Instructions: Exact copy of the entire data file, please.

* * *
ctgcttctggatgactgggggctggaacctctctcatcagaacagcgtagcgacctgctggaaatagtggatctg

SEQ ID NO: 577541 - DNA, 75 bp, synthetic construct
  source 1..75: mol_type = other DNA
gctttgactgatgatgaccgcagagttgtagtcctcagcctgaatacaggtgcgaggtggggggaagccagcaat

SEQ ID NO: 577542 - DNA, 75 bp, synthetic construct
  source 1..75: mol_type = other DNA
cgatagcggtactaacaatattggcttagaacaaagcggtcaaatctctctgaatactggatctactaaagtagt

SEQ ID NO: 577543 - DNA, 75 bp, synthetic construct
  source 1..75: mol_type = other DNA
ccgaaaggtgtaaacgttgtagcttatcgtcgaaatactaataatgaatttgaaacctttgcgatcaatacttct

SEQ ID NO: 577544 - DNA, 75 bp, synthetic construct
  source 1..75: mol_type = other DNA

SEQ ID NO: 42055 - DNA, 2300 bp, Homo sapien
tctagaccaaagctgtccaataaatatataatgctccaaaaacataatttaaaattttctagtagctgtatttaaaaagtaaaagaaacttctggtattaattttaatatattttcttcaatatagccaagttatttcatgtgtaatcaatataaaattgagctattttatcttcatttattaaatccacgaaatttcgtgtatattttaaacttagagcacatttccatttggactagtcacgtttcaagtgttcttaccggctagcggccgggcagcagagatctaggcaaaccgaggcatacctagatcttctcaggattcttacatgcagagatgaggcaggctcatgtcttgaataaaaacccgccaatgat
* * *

ctgcttctggatgactgggggctggaacctctctcatcagaacagcgtagcgacctgctggaaatagtggatctg

SEQ ID NO: 577541 - DNA, 75 bp, synthetic construct
  source 1..75: mol_type = other DNA
gctttgactgatgatgaccgcagagttgtagtcctcagcctgaatacaggtgcgaggtggggggaagccagcaat

SEQ ID NO: 577542 - DNA, 75 bp, synthetic construct
  source 1..75: mol_type = other DNA
cgatagcggtactaacaatattggcttagaacaaagcggtcaaatctctctgaatactggatctactaaagtagt

SEQ ID NO: 577543 - DNA, 75 bp, synthetic construct
  source 1..75: mol_type = other DNA
ccgaaaggtgtaaacgttgtagcttatcgtcgaaatactaataatgaatttgaaacctttgcgatcaatacttct

SEQ ID NO: 577544 - DNA, 75 bp, synthetic construct
  source 1..75: mol_type = other DNA

SEQ ID NO: 42055 - DNA, 2300 bp, Homo sapien
tctagaccaaagctgtccaataaatatataatgctccaaaaacataatttaaaattttctagtagctgtatttaaaaagtaaaagaaacttctggtattaattttaatatattttcttcaatatagccaagttatttcatgtgtaatcaatataaaattgagctattttatcttcatttattaaatccacgaaatttcgtgtatattttaaacttagagcacatttccatttggactagtcacgtttcaagtgttcttaccggctagcggccgggcagcagagatctaggcaaaccgaggcatacctagatcttctcaggattcttacatgcagagatgaggcaggctcatgtcttgaataaaaacccgccaatgat